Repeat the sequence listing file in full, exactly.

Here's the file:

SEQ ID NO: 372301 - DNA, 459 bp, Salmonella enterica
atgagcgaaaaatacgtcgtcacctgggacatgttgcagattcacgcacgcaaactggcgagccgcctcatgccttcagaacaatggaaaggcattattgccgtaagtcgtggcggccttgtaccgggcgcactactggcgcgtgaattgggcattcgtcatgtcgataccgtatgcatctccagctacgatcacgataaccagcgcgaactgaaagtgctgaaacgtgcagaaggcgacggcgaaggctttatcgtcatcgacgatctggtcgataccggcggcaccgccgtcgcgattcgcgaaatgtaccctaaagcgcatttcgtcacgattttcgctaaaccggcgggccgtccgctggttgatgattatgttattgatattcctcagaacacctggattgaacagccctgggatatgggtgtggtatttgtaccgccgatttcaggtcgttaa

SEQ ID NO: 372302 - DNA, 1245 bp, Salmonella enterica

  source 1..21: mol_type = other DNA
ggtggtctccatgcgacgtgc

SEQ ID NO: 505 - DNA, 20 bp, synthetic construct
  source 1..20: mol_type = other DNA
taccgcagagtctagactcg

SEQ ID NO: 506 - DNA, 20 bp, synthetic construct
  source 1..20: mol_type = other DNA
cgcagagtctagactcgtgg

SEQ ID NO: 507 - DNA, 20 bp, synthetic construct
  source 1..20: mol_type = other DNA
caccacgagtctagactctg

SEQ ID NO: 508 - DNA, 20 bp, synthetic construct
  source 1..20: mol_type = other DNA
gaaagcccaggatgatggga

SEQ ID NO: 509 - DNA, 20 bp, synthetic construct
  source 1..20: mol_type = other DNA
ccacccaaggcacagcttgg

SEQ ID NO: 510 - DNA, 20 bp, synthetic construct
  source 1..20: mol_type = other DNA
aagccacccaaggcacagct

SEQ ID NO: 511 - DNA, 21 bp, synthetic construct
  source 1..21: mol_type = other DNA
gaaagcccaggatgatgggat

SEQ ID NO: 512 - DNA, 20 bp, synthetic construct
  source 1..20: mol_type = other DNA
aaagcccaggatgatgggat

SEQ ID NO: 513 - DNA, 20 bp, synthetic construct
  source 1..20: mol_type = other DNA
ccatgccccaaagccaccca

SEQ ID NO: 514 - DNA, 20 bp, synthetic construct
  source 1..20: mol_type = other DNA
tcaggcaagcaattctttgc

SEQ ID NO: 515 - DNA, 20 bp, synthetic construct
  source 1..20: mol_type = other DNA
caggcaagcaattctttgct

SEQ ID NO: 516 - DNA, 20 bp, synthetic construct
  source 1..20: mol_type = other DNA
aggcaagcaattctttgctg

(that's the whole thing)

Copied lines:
SEQ ID NO: 372301 - DNA, 459 bp, Salmonella enterica
atgagcgaaaaatacgtcgtcacctgggacatgttgcagattcacgcacgcaaactggcgagccgcctcatgccttcagaacaatggaaaggcattattgccgtaagtcgtggcggccttgtaccgggcgcactactggcgcgtgaattgggcattcgtcatgtcgataccgtatgcatctccagctacgatcacgataaccagcgcgaactgaaagtgctgaaacgtgcagaaggcgacggcgaaggctttatcgtcatcgacgatctggtcgataccggcggcaccgccgtcgcgattcgcgaaatgtaccctaaagcgcatttcgtcacgattttcgctaaaccggcgggccgtccgctggttgatgattatgttattgatattcctcagaacacctggattgaacagccctgggatatgggtgtggtatttgtaccgccgatttcaggtcgttaa

SEQ ID NO: 372302 - DNA, 1245 bp, Salmonella enterica

  source 1..21: mol_type = other DNA
ggtggtctccatgcgacgtgc

SEQ ID NO: 505 - DNA, 20 bp, synthetic construct
  source 1..20: mol_type = other DNA
taccgcagagtctagactcg

SEQ ID NO: 506 - DNA, 20 bp, synthetic construct
  source 1..20: mol_type = other DNA
cgcagagtctagactcgtgg

SEQ ID NO: 507 - DNA, 20 bp, synthetic construct
  source 1..20: mol_type = other DNA
caccacgagtctagactctg

SEQ ID NO: 508 - DNA, 20 bp, synthetic construct
  source 1..20: mol_type = other DNA
gaaagcccaggatgatggga

SEQ ID NO: 509 - DNA, 20 bp, synthetic construct
  source 1..20: mol_type = other DNA
ccacccaaggcacagcttgg

SEQ ID NO: 510 - DNA, 20 bp, synthetic construct
  source 1..20: mol_type = other DNA
aagccacccaaggcacagct

SEQ ID NO: 511 - DNA, 21 bp, synthetic construct
  source 1..21: mol_type = other DNA
gaaagcccaggatgatgggat

SEQ ID NO: 512 - DNA, 20 bp, synthetic construct
  source 1..20: mol_type = other DNA
aaagcccaggatgatgggat

SEQ ID NO: 513 - DNA, 20 bp, synthetic construct
  source 1..20: mol_type = other DNA
ccatgccccaaagccaccca

SEQ ID NO: 514 - DNA, 20 bp, synthetic construct
  source 1..20: mol_type = other DNA
tcaggcaagcaattctttgc

SEQ ID NO: 515 - DNA, 20 bp, synthetic construct
  source 1..20: mol_type = other DNA
caggcaagcaattctttgct

SEQ ID NO: 516 - DNA, 20 bp, synthetic construct
  source 1..20: mol_type = other DNA
aggcaagcaattctttgctg